Sodas - I used to pick up 4 to 5 twelve packs at a time.  We drank them like they were going out of style. My husband is still getting used to this one... but I have found some brands made with real cane sugar instead of HFCS.  They are pricey, so I have only purchased one or two 6 packs at a time, but we have really stopped grabbing a soda 'just because'.  A nice rum and coke here and there is still on my husbands 'don't take away from me' list!

The garden - Last year, we didn't get an overabundance of food - lots of fresh herbs, salad tomatoes, some cucumbers and peppers.  Hey, every little bit helps!  This year, with a lot more pre-planning and reading, we are tripling our garden space!  Have a small space?  Check out the square foot gardening approach!  No time for gardening?  Check out Farmer's markets and CSA's - find one near you (USA)

Costco - I am amazed at their organic pantry selections!  Lets just say that I won't be running out of sugar anytime soon!  They also carry various organic produce throughout the year.  Be prepared to freeze or split with a friend.  Most of the organic produce is sold in larger, bulk quantities but at a great price per pound.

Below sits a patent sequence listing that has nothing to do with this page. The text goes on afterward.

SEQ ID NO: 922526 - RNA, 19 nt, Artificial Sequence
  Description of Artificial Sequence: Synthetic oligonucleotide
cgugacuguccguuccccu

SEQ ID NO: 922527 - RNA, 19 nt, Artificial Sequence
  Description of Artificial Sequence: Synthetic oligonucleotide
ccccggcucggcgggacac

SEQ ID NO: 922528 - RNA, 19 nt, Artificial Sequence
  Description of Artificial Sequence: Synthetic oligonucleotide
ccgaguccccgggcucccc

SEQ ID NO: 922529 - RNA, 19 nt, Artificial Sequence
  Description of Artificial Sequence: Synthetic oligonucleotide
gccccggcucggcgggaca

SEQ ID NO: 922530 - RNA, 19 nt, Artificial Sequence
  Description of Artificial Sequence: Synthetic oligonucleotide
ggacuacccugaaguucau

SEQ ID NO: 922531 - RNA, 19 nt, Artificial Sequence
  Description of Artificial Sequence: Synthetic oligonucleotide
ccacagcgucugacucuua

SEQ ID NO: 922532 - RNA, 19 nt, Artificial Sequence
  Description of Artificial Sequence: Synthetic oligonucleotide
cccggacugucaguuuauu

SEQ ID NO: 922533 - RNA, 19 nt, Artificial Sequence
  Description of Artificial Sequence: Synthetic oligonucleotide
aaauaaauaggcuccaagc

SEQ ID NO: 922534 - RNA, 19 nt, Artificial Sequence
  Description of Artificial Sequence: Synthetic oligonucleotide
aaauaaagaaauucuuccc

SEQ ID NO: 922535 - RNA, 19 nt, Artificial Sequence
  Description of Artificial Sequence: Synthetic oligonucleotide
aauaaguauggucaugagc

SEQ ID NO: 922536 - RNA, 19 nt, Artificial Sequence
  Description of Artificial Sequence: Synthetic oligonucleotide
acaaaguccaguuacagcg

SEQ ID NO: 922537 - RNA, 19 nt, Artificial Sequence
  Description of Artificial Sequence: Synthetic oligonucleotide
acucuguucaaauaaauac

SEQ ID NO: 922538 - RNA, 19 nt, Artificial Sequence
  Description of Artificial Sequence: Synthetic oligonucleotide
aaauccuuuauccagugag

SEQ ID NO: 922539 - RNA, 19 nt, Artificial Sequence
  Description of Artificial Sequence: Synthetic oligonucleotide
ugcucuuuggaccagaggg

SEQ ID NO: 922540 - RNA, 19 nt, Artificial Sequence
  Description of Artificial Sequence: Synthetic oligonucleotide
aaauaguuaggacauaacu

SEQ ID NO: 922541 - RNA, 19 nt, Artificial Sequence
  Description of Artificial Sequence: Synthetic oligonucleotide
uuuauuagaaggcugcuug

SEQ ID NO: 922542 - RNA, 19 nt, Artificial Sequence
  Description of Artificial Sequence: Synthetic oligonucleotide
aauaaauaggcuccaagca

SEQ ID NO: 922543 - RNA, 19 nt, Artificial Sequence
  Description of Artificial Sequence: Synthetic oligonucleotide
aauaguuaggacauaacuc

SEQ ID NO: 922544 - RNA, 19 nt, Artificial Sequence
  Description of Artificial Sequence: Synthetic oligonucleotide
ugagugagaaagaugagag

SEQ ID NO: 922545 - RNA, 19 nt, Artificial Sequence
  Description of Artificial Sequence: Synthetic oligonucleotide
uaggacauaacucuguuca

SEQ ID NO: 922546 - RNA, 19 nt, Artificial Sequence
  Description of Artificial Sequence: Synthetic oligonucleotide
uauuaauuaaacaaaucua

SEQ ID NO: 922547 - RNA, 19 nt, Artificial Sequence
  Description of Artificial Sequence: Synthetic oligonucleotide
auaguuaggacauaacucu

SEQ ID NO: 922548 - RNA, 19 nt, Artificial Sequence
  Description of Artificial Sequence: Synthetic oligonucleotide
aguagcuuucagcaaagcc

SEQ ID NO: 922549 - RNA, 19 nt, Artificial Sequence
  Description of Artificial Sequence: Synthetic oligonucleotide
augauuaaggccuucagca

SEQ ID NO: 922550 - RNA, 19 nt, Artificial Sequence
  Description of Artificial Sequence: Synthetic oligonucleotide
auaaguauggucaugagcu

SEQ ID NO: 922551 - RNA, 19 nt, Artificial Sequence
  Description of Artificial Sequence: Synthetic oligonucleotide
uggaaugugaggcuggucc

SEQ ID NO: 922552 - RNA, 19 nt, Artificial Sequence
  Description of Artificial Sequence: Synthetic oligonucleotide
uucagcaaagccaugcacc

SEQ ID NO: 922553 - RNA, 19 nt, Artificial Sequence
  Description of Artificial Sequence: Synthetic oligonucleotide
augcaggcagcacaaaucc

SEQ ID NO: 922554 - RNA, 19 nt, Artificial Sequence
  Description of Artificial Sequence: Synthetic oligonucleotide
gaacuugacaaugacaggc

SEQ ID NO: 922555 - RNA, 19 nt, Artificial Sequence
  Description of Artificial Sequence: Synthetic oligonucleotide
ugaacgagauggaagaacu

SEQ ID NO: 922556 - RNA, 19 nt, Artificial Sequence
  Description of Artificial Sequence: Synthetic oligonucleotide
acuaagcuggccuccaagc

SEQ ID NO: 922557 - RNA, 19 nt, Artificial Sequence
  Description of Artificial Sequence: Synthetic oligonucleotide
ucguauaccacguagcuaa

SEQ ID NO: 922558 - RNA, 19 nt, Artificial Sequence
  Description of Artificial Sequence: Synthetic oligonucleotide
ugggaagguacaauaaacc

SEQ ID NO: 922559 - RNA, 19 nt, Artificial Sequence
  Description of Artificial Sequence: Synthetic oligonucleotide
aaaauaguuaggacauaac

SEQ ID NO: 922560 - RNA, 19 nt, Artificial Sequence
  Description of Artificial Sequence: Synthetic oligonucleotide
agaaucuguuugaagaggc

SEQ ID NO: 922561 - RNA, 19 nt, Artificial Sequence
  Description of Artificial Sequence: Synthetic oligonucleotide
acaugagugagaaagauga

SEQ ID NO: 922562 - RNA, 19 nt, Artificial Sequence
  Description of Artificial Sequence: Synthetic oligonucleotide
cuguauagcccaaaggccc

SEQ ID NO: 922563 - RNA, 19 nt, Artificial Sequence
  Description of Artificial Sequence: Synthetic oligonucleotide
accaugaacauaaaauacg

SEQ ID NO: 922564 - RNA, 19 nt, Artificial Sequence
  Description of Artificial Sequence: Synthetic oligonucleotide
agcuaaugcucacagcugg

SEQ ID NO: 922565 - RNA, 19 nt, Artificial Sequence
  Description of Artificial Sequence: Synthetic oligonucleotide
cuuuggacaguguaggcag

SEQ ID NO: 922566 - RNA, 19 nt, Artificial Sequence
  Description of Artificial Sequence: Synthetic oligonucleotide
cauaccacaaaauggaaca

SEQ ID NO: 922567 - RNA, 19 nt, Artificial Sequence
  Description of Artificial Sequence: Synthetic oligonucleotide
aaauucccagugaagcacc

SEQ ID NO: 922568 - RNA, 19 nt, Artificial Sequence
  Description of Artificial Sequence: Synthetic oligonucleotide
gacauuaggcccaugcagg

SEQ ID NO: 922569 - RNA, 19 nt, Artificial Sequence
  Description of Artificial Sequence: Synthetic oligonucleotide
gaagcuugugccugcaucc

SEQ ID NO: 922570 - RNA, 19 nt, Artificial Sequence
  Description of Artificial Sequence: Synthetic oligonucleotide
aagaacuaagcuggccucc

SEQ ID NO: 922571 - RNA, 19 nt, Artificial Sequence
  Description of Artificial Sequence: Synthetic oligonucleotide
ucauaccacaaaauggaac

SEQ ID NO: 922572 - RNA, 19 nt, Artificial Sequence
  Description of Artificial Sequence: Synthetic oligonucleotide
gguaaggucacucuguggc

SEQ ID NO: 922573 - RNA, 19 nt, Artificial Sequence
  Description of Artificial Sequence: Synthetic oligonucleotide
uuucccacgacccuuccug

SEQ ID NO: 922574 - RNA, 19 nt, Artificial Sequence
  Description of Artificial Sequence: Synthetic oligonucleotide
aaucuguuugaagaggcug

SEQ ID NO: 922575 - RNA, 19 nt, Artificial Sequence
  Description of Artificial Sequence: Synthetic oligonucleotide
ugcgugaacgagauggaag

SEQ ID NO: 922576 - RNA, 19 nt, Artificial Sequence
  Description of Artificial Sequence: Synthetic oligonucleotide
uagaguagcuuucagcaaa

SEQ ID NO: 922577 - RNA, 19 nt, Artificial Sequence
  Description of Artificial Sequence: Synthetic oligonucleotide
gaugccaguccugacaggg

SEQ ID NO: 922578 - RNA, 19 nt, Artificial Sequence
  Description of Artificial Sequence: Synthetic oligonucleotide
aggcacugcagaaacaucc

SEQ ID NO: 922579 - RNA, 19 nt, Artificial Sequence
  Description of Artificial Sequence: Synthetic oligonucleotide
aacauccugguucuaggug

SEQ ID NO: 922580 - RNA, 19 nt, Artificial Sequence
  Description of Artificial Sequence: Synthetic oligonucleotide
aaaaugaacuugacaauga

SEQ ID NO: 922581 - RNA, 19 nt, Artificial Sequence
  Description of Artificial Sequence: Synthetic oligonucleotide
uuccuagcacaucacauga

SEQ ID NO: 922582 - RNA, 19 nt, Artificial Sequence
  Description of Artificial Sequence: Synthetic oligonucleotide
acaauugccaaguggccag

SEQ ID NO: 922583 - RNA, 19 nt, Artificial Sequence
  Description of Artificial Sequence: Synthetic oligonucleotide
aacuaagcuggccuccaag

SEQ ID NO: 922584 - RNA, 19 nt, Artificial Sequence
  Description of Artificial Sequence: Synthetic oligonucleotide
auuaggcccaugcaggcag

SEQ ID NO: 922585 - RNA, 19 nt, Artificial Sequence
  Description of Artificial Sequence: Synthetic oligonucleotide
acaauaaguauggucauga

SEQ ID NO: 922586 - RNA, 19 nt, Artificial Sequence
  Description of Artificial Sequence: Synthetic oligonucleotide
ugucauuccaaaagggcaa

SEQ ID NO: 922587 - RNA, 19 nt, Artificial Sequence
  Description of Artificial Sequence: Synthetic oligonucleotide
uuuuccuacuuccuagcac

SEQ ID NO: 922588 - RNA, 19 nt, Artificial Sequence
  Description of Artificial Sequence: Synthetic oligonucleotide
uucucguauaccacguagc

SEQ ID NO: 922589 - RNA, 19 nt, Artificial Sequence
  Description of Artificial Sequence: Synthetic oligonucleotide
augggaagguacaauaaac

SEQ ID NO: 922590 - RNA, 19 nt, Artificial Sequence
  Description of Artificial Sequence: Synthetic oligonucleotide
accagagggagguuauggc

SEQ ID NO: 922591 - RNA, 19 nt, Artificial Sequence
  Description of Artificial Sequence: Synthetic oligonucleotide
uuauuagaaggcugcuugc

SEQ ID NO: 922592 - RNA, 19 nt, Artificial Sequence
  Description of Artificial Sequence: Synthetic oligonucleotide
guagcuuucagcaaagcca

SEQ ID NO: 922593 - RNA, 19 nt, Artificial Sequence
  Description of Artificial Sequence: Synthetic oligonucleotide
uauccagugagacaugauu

Freezing - I am amazed at how many foods can be frozen!  Buying in bulk and freezing in smaller portions (preseasoning for faster meal prep when possible), making double batches and freezing meals for busy nights,  making homemade dips and sauces and freezing in ice cube trays, freezing soups, veggie purees, etc. Many dairy items can be frozen as well.  Here is a great resource for freezing and the lifespan of frozen items

Shop the perimeter - the best advice for a diet, AND organic eating.  Other than some cereals, sugar cane sodas from time to time and the baking aisle, I pretty much steer clear of the interior of the grocery store.  Sure, there are items here and there, but NOTHING like my mega coupon days!